Saved Registers: $s0 – $s7 Temporary Registers: $t0 – $t9
Stack Pointer: $sp Argument Registers: $a0 – $a3
Return Address Register: $ra Return Value Registers: $v0 – $v1
Stack above the stack pointer Stack below the stack pointer
Programming Exercise
1. (/4) Download the program array.s and load it into QTSpim. In the panel “Text Segments”, there are 4 columns,
representing respectively the memory address, machine encoding (in hexadecimal), assembled assembly code,
and the original assembly code. Answer the following questions (tracing the code if necessary):
1. What is the memory address of the array int_array?
2. The branch instruction beq is encoded as 0x10200009. Explain how the digit 9 in the encoding is
determined?
3. Explain why the jump instruction j is encoded as 0x0810000f?
Submit your answers in a text file named exercise1.txt.
2. (/20) Write a program to compute and output the first 100 prime numbers. Your implementation will use a
procedure test_prime(n) that accepts a parameter n and tests if n is a prime number. The procedure
test_prime(n) returns 1 if n is prime, and 0 otherwise.
Tips:
• Based on the input to the procedure, you will need to determine the range over which a number
needs to be tested.
• A number is prime if and only if no number, except 1 and itself, divides it evenly. Thus, you will
have to check each number to make sure that this holds true for each number. You can use a
for-loop to check this.
• To check if a number A can be divided evenly by a number B, use the division instruction div A, B
where A is the dividend and B is the divisor held in registers(ie div $s0, $s1). This instruction
puts the remainder of the division in the register HI and the quotient in the register LO.
• To copy the value of HI to a general register, use the instruction mfhi. To copy the value of LO to
a general register, use mflo. This usages follows as:
mfhi $s0 #this will move the remainder of the division
#into the register $s0 which can then be checked
mflo $s1 #this will move the quotient of the division
#into the register $s0 which can then be checked
• When developing your program, it would be best to write and test your procedure first to make
sure that it works correctly.
Include a program comment header that has your name, student number and program name. Name your file
excercise2.s.
3. (/20) Write a program named hanoi.s to solve the Towers of Hanoi puzzle. For a detailed description of the
puzzle, see https://en.wikipedia.org/wiki/Tower_of_Hanoi. You have to use recursions to solve the puzzle. Your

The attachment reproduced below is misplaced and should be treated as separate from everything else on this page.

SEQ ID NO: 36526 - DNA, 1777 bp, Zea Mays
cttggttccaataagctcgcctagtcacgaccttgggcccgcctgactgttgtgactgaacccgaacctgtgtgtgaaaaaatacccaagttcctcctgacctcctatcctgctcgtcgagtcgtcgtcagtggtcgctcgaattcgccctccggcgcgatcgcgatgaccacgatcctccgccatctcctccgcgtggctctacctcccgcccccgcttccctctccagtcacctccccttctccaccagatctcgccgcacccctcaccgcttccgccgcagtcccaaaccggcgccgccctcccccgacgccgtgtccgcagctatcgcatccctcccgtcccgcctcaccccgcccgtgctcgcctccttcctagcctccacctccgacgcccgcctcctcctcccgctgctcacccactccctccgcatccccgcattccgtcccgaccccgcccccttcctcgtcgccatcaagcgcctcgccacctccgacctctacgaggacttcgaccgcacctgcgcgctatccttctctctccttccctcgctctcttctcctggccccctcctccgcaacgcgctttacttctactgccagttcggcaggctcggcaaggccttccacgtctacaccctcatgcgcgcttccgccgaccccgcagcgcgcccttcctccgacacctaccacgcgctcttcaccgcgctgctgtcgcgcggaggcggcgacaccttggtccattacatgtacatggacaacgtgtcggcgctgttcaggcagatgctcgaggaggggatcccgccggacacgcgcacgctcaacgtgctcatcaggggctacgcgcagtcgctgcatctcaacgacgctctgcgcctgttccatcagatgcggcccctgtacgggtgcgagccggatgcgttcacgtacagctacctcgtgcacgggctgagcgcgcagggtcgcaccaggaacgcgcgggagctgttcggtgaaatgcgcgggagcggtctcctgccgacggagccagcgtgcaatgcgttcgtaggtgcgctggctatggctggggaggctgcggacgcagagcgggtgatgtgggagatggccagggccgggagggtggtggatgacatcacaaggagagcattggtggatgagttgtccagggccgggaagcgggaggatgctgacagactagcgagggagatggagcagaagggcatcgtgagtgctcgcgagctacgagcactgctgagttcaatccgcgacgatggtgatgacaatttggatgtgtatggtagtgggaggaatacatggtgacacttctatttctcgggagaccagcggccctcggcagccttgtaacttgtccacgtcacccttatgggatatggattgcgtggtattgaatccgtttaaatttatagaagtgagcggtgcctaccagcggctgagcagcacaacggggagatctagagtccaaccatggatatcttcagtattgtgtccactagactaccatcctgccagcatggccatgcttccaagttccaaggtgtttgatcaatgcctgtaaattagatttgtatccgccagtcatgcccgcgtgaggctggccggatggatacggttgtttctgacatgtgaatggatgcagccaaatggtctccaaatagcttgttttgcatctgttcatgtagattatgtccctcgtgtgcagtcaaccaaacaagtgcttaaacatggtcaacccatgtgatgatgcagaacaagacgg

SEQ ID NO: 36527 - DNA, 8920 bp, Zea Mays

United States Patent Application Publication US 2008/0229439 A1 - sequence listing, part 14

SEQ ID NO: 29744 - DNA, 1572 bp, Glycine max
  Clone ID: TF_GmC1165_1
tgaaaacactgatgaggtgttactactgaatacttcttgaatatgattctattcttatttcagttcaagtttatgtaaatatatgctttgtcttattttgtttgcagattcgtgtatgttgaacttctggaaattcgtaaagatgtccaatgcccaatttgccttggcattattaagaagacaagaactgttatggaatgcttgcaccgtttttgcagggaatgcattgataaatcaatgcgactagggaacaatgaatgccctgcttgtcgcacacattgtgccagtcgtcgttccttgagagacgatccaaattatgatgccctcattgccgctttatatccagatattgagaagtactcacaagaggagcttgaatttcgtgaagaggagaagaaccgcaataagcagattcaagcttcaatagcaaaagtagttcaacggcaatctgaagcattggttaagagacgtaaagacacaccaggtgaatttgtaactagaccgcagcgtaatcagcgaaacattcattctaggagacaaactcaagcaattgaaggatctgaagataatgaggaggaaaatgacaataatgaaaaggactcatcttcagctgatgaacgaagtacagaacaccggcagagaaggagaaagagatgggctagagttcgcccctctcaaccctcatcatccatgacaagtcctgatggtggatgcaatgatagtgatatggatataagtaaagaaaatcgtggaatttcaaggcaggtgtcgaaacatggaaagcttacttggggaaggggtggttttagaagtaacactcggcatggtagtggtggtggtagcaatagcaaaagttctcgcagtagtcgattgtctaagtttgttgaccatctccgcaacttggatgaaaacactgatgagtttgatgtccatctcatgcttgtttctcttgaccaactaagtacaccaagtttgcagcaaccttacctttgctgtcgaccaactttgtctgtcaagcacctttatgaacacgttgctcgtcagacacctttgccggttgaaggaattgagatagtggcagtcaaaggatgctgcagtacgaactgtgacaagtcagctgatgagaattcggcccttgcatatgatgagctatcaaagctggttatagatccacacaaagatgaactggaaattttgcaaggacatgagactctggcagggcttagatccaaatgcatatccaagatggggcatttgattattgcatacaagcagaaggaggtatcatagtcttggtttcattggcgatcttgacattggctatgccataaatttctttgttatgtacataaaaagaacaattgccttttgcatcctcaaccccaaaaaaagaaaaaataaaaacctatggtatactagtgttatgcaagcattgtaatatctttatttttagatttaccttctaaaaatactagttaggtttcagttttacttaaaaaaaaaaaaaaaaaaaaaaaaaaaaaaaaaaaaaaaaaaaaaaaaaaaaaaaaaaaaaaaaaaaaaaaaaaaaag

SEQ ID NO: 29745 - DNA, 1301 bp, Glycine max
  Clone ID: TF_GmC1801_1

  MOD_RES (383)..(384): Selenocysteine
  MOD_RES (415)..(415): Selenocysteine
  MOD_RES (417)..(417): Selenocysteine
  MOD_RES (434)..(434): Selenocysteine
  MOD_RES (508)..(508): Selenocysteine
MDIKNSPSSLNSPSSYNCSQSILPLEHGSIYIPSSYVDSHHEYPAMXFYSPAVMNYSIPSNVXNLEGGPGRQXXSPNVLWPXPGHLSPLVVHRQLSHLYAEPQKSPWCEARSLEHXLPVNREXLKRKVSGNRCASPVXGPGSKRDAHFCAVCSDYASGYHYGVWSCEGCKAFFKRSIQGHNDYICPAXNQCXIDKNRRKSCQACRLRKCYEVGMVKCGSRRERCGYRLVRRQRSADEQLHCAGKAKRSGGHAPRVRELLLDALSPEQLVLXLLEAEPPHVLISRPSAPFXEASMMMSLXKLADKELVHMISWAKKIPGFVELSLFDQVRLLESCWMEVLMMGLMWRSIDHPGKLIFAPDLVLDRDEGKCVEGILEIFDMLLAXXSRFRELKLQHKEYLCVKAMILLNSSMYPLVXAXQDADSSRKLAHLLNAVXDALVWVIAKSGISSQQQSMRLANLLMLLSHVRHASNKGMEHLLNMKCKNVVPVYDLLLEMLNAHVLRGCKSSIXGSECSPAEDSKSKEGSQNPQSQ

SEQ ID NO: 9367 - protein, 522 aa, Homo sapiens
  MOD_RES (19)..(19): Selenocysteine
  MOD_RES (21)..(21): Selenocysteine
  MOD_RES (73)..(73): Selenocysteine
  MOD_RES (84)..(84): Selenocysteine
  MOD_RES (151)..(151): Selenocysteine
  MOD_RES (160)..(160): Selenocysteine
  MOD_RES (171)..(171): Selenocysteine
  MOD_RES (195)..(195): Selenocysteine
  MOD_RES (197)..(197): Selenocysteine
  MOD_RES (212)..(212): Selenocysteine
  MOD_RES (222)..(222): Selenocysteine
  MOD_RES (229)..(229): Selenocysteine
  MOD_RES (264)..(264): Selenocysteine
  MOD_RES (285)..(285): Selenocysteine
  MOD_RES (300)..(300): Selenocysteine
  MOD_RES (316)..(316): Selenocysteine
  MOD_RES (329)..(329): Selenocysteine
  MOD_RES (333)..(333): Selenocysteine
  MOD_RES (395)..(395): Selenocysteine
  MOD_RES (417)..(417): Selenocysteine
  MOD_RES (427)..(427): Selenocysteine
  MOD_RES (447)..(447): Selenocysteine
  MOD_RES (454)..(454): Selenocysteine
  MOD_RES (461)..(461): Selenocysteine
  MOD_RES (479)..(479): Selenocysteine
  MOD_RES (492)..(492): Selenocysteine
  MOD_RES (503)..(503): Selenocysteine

program should first prompt the user to input the number of disks, and then solve the puzzle recursively, as
illustrated in this C program hanoi.c and will use a procedure called hanoi Your program should also print, in
each recursion, the current number of disks on the pegs in the following format :
Enter the number of disks: 3
[3, 0, 0]
[2, 0, 1]
[1, 1, 1]
[1, 2, 0]
[0, 2, 1]
[1, 1, 1]
[1, 0, 2]
[0, 0, 3]
Since your implementation uses recursive procedures, it is important that you follow the procedure call
convention, including the parameter passing and the register usage. Otherwise, your program may not work
correctly. Hint: look at the c code implementation and think about writing this in assembly.
This code presents the opportunity to use both recursive and non-recursive procedures. While the Hanoi
procedure is recursive, you can build up ‘helpers’ to make coding easier and more compact. Once such helper
you may wish to use is to print the state of each tower.
The global variable number_of_disks in hanoi.c is used to store the current number of disks on the pegs 0, 1, and
2. You can implement it as a global variable in your assembly program as well. Include a program comment
header that has your name, student number and program name. Name your file excercise3.s.
Programming Submission
For questions 1, 2 and 3, submit both your filesthrough Canvas. All files should be in a single .zip file. Submit your
files through Canvas before the assignment due date.
2. Written Assignment (21 marks)
1. Instructions: Language of the Computer (Show all work. Part marks will be assigned for all questions)
Consider the following section of C code:
int my_global = 100;
main()
{
int z;
my_global += 1;
int x;
z = leaf_function(x=0);
}
int leaf_function(int x)
{
return x + 1;
}
Assume the calling convention discussed in class and that function inputs are passed using registers $a0-$a3
and the results are returned in $r0. Assume that the leaf function can only use saved registers.
a. (10 marks) Write the MIPS assembly code (complete program) for this code. (10 marks)
b. (4 marks) For this, show the contents on the stack before and after the procedure call. Assume that the
stack pointer starts at 0x7ffffffc. You may wish to draw the changes in the stack frame (Hint: please
draw).
c. (5 marks) If the leaf function could use temporary registers ($t0, $t1, etc), write the MIPS assembly for this
code.
2. Translate the following strings into hexadecimal ASCII byte values:
a. (1 mark) hello word
b. (1 mark) 0123456789
Written Submission
Submit your written (typed or scanned) assignment in via Canvas on the above indicated due date. Please take care and
effort to make your assignment answers as clear as possible.